Saturday, October 30, 2010

Comparative Suffering

A few weeks ago my brother called me on a weekday afternoon - not a customary time for us to chat, but not unheard of either. He caught me in the middle of putzing with my kids; we were going outside to play for a while, then out for errands. Things were not quiet for me to give him my undivided attention. Our conversation was brief. I poked around a bit to see if there was a particular reason for his call but he didn't give one.

Later he told me that he called because he'd been having a particularly hard day. Familiar frustrations, but sometimes they build up and you want to tell someone about it. I get it. But, he told me, when I answered the phone and sounded happy he wondered what he could possibly have to complain about. That is: she has cancer and she sounds ok. How can I complain?

He's not the only one who has said something like this to me. I periodically get notes from friends who tell me I am inspiring, or that when they feel frustrated with their lives they think of me and are motivated (guilted?) to buck up.

Comparing my suffering to someone else's is not helpful. I'm inclined to do it myself. There are always people whose lives look more difficult than mine - someone with a more tenacious cancer, a deeper depression, a different challenge altogether. Comparing my pain to other people's pain is one strategy that intensified my depression.

Pain is pain. There is no way to measure my pain against yours. For a long time I felt guilty for becoming clinically depressed because I thought I "should be able to handle this." Other people's lives are hard and they don't go crazy over it. They just plug away and handle it. Why can't I?

That line of thinking was entirely unhelpful. My life was (and is) icky and painful to me. I am profoundly disappointed by it in many ways. I need a lot of help to cope with it. Thinking I should not need help didn't make anything better. Now I have support of all kinds - spiritual, emotional, logistical - and I still feel like I'm scraping by one day at a time.

I am not a hero. I'm not stronger or better than anyone else. I do not pull myself out of bed every day because I have such an admirably tenacious will to succeed. God is kind to keep me afloat when I think I will drown. I cannot explain God's grace but I know that I live in it.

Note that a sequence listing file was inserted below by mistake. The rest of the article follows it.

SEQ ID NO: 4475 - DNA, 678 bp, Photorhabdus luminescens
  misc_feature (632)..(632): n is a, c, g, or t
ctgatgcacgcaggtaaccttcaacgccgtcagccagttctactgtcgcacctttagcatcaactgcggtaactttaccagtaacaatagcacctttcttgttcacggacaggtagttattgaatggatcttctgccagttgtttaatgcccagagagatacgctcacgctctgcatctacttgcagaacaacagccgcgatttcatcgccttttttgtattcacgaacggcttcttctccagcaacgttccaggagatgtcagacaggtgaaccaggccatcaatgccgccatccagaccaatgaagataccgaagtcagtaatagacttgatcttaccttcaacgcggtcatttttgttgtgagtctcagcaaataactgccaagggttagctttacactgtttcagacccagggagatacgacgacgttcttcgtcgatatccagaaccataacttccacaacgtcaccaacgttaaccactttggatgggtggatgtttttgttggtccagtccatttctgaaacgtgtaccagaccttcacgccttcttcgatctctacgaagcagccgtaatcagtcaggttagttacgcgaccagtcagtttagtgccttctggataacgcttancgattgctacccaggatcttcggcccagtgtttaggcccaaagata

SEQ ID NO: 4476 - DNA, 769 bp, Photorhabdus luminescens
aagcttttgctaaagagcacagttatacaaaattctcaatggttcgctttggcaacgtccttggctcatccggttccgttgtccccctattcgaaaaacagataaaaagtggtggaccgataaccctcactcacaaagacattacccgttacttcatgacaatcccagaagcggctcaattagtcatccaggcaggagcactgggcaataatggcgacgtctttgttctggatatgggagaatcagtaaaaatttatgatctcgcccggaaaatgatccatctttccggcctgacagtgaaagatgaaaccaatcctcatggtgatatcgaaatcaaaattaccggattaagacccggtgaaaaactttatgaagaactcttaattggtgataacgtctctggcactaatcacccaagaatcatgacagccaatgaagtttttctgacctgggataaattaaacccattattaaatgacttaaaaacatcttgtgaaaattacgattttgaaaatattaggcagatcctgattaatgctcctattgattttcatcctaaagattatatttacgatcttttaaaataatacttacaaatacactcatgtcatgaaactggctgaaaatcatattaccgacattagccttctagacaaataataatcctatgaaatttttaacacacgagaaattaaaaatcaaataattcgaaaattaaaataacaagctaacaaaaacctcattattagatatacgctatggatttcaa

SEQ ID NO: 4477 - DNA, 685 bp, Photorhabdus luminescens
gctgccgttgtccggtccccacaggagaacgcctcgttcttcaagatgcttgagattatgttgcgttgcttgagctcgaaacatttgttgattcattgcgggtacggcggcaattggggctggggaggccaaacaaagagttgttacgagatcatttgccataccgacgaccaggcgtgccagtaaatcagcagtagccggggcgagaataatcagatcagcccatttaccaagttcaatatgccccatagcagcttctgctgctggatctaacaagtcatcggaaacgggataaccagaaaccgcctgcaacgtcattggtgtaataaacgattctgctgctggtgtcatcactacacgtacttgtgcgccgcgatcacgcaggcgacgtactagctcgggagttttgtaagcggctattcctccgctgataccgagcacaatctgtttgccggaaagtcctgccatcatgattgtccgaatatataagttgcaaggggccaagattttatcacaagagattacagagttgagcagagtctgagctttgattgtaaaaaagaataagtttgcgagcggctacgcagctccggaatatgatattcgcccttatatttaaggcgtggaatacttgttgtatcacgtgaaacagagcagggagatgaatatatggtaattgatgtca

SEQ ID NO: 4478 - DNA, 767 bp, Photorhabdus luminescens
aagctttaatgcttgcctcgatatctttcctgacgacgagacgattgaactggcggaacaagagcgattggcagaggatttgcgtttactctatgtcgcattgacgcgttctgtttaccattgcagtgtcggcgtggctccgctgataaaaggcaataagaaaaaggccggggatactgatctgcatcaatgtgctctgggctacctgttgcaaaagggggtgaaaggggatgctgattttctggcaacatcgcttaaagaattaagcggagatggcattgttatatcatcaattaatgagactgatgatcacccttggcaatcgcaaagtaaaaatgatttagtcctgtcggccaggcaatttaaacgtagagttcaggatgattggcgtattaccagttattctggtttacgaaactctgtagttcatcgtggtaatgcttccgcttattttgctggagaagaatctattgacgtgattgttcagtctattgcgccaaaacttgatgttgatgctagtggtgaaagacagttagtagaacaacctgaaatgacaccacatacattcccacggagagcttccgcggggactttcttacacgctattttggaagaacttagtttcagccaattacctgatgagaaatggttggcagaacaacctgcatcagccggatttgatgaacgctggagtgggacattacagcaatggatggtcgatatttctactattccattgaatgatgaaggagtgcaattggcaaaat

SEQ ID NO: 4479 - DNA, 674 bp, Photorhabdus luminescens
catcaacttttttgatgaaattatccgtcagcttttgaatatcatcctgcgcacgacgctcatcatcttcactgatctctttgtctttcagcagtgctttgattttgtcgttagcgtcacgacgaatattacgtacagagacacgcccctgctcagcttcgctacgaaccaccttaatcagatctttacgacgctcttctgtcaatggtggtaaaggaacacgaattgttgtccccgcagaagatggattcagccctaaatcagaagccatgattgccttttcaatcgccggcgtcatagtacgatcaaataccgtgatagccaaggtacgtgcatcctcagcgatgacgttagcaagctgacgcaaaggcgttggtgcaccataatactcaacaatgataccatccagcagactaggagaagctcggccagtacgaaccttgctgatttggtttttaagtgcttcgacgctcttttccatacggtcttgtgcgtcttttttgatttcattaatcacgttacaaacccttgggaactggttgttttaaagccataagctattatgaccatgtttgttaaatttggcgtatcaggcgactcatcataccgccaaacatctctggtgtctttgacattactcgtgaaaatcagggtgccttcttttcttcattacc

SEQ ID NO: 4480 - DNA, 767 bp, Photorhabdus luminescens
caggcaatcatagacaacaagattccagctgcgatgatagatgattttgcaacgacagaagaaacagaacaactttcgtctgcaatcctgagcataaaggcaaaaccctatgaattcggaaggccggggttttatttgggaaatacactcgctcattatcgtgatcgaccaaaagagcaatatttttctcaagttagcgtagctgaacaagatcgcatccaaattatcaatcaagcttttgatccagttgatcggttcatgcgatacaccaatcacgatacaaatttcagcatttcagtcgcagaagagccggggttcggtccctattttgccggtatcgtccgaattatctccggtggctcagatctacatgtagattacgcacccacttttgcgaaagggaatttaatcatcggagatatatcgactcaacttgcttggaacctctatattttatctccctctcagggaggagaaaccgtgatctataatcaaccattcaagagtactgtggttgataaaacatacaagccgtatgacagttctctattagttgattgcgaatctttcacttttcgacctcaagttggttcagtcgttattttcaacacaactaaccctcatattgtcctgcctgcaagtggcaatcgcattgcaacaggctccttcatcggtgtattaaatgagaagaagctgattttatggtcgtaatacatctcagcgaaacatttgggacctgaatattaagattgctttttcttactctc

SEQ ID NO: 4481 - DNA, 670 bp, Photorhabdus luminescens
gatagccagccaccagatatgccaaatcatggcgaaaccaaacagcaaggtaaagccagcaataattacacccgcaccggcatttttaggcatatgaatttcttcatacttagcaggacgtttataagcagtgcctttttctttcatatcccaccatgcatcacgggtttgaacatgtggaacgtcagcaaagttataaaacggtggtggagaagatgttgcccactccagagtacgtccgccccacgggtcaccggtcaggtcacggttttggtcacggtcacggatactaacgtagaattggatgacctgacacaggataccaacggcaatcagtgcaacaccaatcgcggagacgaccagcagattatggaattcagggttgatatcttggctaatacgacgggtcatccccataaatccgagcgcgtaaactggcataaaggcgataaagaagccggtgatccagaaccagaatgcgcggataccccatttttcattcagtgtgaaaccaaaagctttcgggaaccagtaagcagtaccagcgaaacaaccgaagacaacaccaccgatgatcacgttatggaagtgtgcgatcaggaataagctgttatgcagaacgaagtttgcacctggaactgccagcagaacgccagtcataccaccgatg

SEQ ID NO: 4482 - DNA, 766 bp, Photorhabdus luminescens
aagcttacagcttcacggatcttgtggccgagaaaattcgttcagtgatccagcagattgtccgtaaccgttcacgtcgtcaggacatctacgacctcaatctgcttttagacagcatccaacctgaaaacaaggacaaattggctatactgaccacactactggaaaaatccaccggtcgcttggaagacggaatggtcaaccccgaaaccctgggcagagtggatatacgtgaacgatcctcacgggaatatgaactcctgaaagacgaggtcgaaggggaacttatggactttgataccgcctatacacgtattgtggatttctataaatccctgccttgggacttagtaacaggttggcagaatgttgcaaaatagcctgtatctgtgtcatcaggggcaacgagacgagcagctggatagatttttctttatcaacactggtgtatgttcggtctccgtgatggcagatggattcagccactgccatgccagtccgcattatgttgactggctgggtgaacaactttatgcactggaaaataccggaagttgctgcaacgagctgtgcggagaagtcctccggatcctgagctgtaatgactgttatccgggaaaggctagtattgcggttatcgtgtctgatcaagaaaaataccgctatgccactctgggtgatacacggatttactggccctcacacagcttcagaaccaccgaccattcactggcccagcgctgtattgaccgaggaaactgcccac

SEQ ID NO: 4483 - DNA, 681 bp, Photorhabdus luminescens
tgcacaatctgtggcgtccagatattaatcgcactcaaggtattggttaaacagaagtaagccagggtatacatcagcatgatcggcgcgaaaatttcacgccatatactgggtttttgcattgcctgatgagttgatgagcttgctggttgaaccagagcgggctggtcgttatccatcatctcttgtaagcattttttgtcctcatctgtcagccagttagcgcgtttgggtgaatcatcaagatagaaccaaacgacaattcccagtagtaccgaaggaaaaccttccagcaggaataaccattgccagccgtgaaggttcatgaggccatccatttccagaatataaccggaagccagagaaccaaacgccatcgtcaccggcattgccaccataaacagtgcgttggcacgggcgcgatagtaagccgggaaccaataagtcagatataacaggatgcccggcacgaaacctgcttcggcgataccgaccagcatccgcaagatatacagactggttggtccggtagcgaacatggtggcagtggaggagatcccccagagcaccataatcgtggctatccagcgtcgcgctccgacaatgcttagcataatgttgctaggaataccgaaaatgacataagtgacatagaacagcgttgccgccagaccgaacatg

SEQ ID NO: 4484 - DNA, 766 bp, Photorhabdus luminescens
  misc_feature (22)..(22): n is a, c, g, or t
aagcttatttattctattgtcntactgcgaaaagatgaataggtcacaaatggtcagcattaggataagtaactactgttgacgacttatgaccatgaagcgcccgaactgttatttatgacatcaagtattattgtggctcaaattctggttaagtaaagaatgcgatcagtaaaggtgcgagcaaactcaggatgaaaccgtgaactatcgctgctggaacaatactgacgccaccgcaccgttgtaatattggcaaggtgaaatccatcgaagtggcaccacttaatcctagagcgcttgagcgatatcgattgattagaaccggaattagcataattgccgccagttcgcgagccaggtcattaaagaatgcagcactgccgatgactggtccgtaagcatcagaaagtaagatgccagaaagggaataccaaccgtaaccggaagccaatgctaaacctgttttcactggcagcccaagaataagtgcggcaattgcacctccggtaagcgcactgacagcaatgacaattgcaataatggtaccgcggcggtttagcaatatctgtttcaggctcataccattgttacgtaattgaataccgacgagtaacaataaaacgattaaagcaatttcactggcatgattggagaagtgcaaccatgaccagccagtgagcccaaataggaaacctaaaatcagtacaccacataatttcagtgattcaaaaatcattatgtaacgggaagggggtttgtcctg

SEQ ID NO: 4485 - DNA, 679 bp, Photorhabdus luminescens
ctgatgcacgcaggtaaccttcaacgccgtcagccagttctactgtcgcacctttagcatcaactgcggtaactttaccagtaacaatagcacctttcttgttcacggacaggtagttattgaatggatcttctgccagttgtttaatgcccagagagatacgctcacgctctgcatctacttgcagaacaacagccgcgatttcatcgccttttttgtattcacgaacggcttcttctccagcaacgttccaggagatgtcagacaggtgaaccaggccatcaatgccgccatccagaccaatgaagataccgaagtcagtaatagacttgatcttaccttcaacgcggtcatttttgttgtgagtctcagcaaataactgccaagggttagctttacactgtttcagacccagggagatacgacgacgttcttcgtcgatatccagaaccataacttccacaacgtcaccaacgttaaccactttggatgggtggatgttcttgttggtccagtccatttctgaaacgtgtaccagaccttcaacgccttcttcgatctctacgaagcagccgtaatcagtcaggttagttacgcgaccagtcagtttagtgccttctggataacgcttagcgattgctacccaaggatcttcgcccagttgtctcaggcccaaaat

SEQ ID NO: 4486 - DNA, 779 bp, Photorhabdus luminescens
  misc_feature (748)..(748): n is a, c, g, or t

I have never supposed that God compares my pain to anyone else's or to His. He loves me and cares about what I feel and what I need today.


  1. Thought provoking post. I think I would be a bit p'od when someone told me your pain is worse than mine so I can handle mine now. Not very encouraging to me!
    What I admire is your faith through all of this.
    Faith had always been something I never really understood. Your example of how to really rely on God has helped me to grow in my own journey.

    Happy Halloween and All Saints Day!

  2. That happens to me all the time and it actually make me more depressed--the thought that I have a good life and very little suffering, why am I so much more miserable than people who have real trials? I remember how much suffering people endured in the past, before there was modern technology, and how they had the fortitude to remain upbeat despite their suffering. And it makes me feel like a failure. I've been trying hard not to do that lately and to remember, as you said, that people experience suffering differently.
    If I had been in your brother's situation, I would've hung up the phone feeling worse because you were handling your great suffering better than I could handle my small suffering that day. Isn't that weird?
    The trick is to quit comparing myself to anyone else and do what I need to do in my situation. Don't you think?

  3. @Kathrine - "real trials". That's a fascinating concept. You have real trials. It does seem to be unhelpful in both directions. Writing off my own pain because it seems "less than" someone else's is no use to anyone. Like slamming the door in my own face. I'm finding out that there is comfort for all of us in sharing our unhappiness. A few weeks ago I wound up teary-eyed in a short chat with a new friend at church - we were both lamenting, for different reasons, our inability to make our children's lives as predictable and stable as we'd expected (in her case, divorce; in my case, depression & cancer).

    @Jerri, I'm crying! I know what you mean about trying to understand faith. I don't understand it, but desperation has forced me to see it at work. Thank God.


Thanks for using this space to share your encouraging words.